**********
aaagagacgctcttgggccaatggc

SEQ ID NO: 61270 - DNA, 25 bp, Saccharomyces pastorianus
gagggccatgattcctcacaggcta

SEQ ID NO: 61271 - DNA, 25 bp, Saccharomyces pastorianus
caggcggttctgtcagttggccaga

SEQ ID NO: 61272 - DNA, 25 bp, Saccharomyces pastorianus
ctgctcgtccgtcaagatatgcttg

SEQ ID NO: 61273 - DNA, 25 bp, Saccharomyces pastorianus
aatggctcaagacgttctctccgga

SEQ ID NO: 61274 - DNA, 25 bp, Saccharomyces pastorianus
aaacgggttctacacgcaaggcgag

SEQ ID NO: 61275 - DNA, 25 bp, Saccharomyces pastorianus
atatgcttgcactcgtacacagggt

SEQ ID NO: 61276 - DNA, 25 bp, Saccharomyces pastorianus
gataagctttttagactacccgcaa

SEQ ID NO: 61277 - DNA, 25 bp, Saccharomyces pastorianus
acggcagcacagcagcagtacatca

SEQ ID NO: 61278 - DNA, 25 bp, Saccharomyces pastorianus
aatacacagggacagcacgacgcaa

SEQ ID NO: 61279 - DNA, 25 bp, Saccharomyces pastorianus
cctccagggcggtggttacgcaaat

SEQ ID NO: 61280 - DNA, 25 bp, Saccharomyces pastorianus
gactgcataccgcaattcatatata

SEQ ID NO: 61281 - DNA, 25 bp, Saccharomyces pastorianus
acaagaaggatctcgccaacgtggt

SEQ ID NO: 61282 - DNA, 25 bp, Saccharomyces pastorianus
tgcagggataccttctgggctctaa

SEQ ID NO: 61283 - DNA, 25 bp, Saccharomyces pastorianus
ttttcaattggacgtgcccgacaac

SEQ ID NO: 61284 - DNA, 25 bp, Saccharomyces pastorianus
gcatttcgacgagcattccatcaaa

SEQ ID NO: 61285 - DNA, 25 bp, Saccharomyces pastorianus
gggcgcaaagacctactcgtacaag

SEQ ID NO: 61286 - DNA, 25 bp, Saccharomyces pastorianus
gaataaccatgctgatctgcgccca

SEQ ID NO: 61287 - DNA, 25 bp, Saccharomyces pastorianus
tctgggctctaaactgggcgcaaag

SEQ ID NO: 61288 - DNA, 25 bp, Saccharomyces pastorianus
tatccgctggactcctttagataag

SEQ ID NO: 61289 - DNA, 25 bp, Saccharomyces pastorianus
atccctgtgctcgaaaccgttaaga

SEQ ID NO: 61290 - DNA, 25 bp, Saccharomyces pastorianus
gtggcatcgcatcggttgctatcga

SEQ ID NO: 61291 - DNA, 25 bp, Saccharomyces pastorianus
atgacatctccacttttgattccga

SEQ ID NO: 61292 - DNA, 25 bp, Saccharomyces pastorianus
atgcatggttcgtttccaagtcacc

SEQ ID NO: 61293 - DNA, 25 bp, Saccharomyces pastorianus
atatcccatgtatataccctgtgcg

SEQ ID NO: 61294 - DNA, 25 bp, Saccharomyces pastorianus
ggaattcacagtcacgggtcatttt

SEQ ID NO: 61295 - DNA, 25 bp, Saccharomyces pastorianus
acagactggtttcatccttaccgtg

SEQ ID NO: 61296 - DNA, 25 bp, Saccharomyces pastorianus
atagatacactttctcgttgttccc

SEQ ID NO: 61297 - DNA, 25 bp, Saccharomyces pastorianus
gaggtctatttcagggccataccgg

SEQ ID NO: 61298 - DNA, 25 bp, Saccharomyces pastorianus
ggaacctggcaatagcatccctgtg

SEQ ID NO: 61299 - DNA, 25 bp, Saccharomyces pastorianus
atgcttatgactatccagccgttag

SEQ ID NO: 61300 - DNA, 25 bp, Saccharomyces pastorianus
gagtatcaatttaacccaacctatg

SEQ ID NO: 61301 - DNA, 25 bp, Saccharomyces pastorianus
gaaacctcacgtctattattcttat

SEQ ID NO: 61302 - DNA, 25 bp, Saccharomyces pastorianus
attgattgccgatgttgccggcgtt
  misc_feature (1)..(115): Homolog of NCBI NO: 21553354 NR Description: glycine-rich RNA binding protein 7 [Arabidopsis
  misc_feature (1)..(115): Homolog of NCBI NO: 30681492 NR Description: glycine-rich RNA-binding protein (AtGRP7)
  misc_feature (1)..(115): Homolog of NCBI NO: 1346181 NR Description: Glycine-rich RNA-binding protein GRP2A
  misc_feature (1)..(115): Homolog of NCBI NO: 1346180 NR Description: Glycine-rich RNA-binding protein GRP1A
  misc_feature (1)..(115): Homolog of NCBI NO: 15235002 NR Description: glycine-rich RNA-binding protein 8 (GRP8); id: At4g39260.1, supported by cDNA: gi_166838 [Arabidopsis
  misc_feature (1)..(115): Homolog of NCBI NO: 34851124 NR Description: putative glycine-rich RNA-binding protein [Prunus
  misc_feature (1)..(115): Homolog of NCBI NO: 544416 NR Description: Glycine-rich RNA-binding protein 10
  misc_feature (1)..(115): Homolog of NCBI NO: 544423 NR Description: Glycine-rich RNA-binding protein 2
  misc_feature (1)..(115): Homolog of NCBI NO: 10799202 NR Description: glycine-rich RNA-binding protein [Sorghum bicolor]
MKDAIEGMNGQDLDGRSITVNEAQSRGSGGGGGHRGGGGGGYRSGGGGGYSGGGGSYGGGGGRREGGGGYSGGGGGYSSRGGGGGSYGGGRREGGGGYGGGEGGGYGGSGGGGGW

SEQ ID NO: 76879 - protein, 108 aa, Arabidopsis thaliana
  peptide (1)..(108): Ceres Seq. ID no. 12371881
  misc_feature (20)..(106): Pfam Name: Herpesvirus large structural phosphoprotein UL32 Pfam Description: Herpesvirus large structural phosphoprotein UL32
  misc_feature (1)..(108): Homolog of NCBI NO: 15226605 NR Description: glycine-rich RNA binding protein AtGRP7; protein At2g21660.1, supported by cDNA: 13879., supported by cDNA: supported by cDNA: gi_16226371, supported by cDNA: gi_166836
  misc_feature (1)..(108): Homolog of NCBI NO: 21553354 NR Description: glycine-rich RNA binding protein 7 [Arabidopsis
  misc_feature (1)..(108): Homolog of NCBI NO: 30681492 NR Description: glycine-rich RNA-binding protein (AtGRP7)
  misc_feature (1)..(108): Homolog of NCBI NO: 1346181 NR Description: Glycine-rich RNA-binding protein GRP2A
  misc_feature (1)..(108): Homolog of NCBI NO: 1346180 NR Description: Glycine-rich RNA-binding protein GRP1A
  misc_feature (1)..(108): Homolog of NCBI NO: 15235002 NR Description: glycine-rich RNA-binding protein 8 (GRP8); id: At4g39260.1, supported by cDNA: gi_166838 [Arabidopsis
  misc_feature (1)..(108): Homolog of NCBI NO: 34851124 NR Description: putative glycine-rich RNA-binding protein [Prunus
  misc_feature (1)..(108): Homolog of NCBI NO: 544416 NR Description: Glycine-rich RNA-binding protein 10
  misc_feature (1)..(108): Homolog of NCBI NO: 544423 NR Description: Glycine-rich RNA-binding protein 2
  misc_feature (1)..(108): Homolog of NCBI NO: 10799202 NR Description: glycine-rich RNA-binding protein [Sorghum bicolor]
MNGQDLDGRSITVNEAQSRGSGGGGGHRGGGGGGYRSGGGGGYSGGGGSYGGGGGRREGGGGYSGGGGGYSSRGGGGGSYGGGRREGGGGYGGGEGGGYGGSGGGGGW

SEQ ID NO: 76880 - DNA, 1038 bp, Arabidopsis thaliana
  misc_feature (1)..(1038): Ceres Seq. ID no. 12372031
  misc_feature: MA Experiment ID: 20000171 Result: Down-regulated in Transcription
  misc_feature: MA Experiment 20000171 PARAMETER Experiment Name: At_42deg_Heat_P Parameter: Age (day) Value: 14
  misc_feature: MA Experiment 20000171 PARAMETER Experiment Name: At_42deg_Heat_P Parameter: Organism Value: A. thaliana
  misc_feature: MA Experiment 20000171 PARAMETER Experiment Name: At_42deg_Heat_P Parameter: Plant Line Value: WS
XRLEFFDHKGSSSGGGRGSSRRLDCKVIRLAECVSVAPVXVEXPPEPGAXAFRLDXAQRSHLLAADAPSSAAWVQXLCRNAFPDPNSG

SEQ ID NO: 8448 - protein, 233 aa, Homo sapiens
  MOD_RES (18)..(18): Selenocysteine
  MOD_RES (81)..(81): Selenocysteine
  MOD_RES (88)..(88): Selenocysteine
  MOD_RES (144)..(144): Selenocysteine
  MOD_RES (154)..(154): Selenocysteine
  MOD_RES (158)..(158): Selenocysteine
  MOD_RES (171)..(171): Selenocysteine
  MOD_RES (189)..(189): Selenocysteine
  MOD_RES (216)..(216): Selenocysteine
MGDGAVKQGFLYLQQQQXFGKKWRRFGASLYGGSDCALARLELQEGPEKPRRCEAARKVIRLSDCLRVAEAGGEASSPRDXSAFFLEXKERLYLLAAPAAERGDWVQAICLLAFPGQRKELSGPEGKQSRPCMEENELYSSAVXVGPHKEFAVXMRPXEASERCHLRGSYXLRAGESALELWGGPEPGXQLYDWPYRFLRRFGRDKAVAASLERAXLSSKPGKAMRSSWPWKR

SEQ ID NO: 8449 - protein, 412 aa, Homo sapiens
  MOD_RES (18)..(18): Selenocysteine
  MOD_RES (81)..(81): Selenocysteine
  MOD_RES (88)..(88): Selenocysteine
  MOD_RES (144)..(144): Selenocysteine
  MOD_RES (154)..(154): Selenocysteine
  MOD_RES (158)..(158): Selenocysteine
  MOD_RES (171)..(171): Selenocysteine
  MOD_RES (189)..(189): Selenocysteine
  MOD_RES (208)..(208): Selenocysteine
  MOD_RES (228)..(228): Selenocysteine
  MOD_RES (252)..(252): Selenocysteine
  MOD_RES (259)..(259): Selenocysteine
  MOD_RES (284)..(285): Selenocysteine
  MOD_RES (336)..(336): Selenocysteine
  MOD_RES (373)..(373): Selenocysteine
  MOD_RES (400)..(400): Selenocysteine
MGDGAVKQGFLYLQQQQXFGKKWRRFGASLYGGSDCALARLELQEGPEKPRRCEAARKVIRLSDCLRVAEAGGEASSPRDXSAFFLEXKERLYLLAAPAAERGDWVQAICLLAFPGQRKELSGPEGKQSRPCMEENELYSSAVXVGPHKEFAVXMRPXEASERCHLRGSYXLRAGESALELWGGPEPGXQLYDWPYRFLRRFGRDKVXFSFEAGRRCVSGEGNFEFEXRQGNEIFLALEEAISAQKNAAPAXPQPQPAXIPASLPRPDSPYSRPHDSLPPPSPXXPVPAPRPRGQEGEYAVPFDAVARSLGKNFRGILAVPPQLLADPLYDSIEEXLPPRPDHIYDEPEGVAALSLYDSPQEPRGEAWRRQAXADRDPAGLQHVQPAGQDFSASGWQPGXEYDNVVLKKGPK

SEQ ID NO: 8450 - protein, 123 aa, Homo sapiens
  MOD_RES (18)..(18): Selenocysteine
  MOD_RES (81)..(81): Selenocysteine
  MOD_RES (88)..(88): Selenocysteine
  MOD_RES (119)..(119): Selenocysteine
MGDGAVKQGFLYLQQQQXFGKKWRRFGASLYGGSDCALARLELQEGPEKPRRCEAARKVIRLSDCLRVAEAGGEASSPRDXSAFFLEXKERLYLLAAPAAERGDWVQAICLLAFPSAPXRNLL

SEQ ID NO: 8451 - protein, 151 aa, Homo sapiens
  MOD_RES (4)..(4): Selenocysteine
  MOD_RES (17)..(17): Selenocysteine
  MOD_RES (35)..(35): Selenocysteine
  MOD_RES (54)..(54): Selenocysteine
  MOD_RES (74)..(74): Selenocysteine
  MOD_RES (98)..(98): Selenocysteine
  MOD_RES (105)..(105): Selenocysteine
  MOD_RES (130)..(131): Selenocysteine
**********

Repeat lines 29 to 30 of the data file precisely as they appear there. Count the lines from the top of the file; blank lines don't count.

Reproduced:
ttttcaattggacgtgcccgacaac

SEQ ID NO: 61284 - DNA, 25 bp, Saccharomyces pastorianus